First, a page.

Short and sort of defeated even then,
the father of our grade’s only twins
came to class to talk egg production,
proud of his farm filling carton after carton.
He showed us a movie where eggs flowed
on a conveyor belt, illumined for a moment
from behind, dwarf stars with amorphous hearts.
If a chick curled like a carving in a Gothic church
was revealed, or a blood spot, or a blank space
where the clean yolk should have shone, the egg
was removed by workers wearing white cotton gloves.
None of us guessed how hard the years would be—
one twin slipping in the long sleep of overdose
and all our youth fading as soon as it flared.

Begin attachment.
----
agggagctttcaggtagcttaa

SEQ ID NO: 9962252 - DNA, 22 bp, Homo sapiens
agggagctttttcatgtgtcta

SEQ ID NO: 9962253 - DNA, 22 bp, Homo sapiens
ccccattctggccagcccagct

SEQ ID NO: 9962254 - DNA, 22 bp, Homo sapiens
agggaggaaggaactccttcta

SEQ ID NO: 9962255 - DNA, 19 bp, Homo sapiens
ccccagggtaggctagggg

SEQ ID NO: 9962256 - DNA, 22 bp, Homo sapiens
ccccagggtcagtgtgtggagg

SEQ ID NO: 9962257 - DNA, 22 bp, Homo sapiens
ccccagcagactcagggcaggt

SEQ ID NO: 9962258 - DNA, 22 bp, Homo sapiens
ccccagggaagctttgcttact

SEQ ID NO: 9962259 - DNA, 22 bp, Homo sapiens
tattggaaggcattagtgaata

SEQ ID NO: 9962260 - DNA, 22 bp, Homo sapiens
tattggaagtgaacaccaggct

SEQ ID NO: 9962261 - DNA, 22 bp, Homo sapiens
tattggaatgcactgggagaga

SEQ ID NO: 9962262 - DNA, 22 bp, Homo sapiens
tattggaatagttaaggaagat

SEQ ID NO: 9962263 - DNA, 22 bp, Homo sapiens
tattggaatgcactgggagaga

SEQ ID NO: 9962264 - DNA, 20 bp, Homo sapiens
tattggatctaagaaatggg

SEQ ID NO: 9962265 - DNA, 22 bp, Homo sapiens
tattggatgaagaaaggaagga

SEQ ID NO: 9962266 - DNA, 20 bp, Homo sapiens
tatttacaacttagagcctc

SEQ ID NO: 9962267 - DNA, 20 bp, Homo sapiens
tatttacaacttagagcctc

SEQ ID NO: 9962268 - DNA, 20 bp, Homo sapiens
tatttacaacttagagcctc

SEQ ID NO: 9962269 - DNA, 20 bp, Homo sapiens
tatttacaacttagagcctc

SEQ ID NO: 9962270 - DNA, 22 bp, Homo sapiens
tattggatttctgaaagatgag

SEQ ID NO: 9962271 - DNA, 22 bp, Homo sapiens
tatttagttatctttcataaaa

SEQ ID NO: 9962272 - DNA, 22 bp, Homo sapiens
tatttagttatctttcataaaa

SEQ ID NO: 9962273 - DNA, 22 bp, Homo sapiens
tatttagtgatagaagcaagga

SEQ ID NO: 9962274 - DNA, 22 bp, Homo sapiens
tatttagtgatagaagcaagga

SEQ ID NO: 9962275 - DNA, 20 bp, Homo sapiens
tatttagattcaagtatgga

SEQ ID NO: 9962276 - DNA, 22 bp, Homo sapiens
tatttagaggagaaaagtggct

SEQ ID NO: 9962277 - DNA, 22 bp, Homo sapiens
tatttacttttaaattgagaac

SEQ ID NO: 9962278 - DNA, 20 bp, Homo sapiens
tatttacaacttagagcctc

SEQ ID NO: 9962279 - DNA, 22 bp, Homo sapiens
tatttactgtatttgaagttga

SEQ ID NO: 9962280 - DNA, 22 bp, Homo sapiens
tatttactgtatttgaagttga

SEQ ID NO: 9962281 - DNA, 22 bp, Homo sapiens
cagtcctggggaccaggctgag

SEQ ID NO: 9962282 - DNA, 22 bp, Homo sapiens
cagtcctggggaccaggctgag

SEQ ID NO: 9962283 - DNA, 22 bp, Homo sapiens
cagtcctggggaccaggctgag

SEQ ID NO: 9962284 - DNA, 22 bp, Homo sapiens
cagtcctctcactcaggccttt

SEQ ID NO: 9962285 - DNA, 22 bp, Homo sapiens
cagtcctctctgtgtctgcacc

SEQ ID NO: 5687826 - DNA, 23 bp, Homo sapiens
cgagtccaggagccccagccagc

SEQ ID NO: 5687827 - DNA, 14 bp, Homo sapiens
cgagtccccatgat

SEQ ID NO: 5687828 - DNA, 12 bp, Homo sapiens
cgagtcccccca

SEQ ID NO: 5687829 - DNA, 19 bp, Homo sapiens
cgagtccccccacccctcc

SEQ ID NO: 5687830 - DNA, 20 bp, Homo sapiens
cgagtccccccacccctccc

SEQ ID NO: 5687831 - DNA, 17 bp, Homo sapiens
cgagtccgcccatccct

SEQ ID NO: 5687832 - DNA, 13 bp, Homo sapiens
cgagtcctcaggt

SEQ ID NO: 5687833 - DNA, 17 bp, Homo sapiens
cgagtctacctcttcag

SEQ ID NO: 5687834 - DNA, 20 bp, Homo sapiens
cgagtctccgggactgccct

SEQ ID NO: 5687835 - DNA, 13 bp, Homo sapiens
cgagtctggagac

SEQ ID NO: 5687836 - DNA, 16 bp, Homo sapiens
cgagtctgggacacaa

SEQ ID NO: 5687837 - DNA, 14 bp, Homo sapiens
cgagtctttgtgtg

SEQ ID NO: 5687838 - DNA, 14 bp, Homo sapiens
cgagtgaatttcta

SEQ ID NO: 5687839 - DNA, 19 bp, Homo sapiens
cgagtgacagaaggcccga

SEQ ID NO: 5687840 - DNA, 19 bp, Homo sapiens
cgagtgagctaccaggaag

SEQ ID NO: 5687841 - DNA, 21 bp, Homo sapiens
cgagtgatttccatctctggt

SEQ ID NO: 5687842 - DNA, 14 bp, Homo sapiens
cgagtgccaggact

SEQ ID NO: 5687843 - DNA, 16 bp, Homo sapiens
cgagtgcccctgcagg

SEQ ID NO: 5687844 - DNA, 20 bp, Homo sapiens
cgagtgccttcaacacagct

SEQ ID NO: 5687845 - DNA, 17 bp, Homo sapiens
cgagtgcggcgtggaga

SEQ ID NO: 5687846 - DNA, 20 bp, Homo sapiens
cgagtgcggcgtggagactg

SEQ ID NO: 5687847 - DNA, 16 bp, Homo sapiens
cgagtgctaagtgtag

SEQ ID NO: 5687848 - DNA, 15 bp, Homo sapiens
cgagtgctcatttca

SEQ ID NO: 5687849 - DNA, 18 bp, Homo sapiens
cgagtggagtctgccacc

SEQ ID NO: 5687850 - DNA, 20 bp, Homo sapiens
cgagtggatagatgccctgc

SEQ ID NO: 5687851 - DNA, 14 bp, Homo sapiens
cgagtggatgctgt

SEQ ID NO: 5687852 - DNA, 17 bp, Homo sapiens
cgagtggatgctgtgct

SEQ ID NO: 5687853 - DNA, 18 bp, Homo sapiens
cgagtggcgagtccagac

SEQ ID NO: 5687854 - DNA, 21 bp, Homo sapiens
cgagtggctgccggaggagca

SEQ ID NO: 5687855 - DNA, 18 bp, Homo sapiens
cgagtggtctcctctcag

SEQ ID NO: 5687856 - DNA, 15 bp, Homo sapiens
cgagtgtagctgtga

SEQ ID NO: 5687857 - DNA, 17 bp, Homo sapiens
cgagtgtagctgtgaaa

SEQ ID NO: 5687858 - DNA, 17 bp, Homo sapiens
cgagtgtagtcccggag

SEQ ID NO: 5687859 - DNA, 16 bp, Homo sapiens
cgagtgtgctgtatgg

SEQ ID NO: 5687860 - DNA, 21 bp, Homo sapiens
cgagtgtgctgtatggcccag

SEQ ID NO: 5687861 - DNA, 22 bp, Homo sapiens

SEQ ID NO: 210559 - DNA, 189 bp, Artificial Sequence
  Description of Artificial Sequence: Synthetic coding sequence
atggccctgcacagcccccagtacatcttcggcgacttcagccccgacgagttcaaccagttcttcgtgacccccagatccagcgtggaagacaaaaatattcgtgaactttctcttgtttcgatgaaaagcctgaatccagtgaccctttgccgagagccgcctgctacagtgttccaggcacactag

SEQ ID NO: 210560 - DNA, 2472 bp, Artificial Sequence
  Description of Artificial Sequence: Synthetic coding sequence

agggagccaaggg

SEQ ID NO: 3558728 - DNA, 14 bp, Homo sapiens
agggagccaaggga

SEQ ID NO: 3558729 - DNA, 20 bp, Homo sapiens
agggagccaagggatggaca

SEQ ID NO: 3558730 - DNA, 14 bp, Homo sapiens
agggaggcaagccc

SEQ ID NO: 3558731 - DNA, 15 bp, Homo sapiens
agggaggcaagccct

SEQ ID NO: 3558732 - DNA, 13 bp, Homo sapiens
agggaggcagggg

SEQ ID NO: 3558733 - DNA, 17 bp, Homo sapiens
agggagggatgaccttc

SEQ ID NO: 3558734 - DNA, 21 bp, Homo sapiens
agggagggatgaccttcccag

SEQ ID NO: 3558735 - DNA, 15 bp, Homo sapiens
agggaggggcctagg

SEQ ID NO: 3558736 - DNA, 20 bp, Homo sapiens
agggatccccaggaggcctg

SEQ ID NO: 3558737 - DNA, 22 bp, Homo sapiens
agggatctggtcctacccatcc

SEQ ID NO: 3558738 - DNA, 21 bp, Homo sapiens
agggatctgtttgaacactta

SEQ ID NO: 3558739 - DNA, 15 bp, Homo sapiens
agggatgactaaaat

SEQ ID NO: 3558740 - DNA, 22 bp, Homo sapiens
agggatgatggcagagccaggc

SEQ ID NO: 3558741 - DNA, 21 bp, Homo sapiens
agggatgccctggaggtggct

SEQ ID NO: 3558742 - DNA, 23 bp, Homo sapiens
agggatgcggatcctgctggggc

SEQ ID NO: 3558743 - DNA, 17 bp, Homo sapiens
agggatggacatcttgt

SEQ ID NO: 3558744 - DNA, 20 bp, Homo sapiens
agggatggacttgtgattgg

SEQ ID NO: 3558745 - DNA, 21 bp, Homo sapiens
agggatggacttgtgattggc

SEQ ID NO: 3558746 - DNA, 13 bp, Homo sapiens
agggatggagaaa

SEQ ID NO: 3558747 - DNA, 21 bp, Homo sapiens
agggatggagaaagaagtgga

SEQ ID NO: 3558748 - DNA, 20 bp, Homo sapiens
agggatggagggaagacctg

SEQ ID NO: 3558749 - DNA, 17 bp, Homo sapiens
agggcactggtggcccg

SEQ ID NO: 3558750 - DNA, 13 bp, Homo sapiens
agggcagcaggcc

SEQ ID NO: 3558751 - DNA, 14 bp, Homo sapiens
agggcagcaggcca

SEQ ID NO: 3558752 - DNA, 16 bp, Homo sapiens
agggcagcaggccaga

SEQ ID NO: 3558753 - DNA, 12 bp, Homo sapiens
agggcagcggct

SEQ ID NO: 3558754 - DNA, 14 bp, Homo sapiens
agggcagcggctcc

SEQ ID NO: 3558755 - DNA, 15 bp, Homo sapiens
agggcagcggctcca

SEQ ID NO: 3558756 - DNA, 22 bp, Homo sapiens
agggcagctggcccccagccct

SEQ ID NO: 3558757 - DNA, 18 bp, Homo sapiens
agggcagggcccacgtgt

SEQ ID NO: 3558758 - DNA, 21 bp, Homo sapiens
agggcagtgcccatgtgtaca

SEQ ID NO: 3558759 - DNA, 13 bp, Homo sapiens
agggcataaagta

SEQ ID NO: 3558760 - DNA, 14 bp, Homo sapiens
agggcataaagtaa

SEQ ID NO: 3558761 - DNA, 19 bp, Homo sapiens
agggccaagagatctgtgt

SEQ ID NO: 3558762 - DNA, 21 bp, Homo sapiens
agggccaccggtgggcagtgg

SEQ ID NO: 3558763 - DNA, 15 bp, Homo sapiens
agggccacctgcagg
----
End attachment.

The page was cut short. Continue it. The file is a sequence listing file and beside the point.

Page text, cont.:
In the classroom, though, the windows
are cranked out to catch May breath.
The room is dark. We anticipate.
Hair already grey, hands nervous and sincere,
he starts the VCR. Both his boys live,
grave hazel eyes green-flecked and often lit
with a smile they don’t have to show to share.
Annie Woodford lives in Roanoke, Virginia, where she is a teacher at Virginia Western Community College. Her poetry has appeared or is forthcoming in Appalachian Heritage, The Comstock Review, Cold Mountain Review, The Chattahoochee Review, Waccamaw, The Normal School, Tar River Poetry, Bluestem, and Town Creek Poetry, among others.